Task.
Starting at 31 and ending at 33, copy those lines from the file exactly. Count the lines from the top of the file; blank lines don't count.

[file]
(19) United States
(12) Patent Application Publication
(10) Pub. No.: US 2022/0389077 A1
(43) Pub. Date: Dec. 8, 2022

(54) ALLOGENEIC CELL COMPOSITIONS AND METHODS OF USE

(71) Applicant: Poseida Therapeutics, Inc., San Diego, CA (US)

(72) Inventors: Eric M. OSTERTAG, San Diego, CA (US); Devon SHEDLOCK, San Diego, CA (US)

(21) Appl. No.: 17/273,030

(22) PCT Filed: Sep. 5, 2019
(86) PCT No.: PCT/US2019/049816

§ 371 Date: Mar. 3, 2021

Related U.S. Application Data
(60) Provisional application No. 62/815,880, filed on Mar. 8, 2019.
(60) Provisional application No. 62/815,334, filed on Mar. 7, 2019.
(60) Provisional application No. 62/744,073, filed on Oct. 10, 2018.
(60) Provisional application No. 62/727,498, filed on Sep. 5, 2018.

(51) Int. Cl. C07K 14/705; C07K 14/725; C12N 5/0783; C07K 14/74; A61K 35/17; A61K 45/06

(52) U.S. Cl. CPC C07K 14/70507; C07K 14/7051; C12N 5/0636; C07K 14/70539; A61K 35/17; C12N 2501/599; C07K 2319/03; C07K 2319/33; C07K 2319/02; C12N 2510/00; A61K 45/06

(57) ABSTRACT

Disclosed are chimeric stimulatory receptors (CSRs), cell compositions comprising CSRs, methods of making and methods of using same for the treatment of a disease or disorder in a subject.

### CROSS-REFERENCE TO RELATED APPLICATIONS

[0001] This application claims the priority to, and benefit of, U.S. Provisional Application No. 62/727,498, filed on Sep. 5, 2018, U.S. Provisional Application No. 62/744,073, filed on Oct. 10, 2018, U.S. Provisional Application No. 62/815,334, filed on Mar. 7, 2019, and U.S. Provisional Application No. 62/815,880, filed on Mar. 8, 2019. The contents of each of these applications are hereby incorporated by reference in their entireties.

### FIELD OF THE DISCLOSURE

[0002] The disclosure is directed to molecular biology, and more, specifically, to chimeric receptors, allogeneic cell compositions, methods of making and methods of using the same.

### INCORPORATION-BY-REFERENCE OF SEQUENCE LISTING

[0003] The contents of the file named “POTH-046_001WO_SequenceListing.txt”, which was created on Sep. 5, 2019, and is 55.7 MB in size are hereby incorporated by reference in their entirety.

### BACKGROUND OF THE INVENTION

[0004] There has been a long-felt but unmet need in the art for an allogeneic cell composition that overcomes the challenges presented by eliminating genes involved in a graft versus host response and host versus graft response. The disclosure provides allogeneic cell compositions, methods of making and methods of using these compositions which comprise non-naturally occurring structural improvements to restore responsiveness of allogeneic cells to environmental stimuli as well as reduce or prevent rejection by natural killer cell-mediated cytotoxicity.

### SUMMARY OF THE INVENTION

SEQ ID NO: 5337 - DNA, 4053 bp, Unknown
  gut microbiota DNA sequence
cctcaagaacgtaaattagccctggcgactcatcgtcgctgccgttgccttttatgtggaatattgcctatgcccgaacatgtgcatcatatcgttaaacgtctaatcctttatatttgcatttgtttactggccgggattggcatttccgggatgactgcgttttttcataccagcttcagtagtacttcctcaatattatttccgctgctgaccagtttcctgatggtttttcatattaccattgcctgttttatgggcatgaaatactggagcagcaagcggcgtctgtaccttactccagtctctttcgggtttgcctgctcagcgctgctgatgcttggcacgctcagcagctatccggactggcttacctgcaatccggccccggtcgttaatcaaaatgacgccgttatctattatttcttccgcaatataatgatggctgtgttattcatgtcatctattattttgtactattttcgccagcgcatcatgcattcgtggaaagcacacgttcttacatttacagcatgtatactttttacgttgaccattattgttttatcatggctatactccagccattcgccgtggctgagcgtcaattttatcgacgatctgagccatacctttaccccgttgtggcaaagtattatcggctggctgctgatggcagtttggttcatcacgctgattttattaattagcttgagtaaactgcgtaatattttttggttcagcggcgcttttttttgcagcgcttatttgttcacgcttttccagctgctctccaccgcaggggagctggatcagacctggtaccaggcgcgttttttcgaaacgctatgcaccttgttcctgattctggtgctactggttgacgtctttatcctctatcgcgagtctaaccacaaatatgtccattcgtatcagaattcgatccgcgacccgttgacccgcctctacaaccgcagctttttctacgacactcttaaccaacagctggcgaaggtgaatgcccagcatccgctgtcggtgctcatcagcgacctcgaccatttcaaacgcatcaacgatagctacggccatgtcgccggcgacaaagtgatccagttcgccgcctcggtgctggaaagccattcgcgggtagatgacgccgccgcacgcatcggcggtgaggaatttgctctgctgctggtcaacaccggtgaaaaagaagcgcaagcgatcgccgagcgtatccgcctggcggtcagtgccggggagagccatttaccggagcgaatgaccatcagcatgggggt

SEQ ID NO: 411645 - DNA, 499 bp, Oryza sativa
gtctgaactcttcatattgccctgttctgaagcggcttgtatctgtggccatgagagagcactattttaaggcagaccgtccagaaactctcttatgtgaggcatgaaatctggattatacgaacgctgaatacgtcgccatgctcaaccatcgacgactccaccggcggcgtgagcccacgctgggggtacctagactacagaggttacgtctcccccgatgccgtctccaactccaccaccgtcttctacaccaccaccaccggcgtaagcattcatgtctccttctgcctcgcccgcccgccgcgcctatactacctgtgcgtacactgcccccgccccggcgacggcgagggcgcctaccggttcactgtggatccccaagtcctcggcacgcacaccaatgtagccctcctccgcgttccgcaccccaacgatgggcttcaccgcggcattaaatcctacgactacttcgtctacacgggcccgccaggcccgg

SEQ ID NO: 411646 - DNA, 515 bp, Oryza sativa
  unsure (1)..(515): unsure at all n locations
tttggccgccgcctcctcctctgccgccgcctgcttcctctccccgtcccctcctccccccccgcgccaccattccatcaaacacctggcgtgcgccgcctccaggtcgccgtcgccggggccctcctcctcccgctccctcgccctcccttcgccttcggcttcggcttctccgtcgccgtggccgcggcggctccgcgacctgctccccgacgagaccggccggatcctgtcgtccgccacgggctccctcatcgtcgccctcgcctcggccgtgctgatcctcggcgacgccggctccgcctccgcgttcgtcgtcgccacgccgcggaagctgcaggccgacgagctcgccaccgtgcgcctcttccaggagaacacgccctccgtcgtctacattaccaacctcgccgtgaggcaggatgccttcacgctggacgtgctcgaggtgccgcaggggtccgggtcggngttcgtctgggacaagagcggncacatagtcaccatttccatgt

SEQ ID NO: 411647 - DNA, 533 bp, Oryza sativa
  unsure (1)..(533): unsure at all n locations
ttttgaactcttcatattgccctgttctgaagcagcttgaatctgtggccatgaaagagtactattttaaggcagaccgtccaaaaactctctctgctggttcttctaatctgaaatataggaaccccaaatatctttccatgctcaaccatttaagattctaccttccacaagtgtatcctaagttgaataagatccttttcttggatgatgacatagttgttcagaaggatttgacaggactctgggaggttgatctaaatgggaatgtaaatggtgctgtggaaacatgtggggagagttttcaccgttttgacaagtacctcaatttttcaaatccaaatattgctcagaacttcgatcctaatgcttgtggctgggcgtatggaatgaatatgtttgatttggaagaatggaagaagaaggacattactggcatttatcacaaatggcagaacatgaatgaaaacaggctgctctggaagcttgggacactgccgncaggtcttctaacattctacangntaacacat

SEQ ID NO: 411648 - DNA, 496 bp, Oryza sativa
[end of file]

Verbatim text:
  gut microbiota DNA sequence
cctcaagaacgtaaattagccctggcgactcatcgtcgctgccgttgccttttatgtggaatattgcctatgcccgaacatgtgcatcatatcgttaaacgtctaatcctttatatttgcatttgtttactggccgggattggcatttccgggatgactgcgttttttcataccagcttcagtagtacttcctcaatattatttccgctgctgaccagtttcctgatggtttttcatattaccattgcctgttttatgggcatgaaatactggagcagcaagcggcgtctgtaccttactccagtctctttcgggtttgcctgctcagcgctgctgatgcttggcacgctcagcagctatccggactggcttacctgcaatccggccccggtcgttaatcaaaatgacgccgttatctattatttcttccgcaatataatgatggctgtgttattcatgtcatctattattttgtactattttcgccagcgcatcatgcattcgtggaaagcacacgttcttacatttacagcatgtatactttttacgttgaccattattgttttatcatggctatactccagccattcgccgtggctgagcgtcaattttatcgacgatctgagccatacctttaccccgttgtggcaaagtattatcggctggctgctgatggcagtttggttcatcacgctgattttattaattagcttgagtaaactgcgtaatattttttggttcagcggcgcttttttttgcagcgcttatttgttcacgcttttccagctgctctccaccgcaggggagctggatcagacctggtaccaggcgcgttttttcgaaacgctatgcaccttgttcctgattctggtgctactggttgacgtctttatcctctatcgcgagtctaaccacaaatatgtccattcgtatcagaattcgatccgcgacccgttgacccgcctctacaaccgcagctttttctacgacactcttaaccaacagctggcgaaggtgaatgcccagcatccgctgtcggtgctcatcagcgacctcgaccatttcaaacgcatcaacgatagctacggccatgtcgccggcgacaaagtgatccagttcgccgcctcggtgctggaaagccattcgcgggtagatgacgccgccgcacgcatcggcggtgaggaatttgctctgctgctggtcaacaccggtgaaaaagaagcgcaagcgatcgccgagcgtatccgcctggcggtcagtgccggggagagccatttaccggagcgaatgaccatcagcatgggggt

SEQ ID NO: 411645 - DNA, 499 bp, Oryza sativa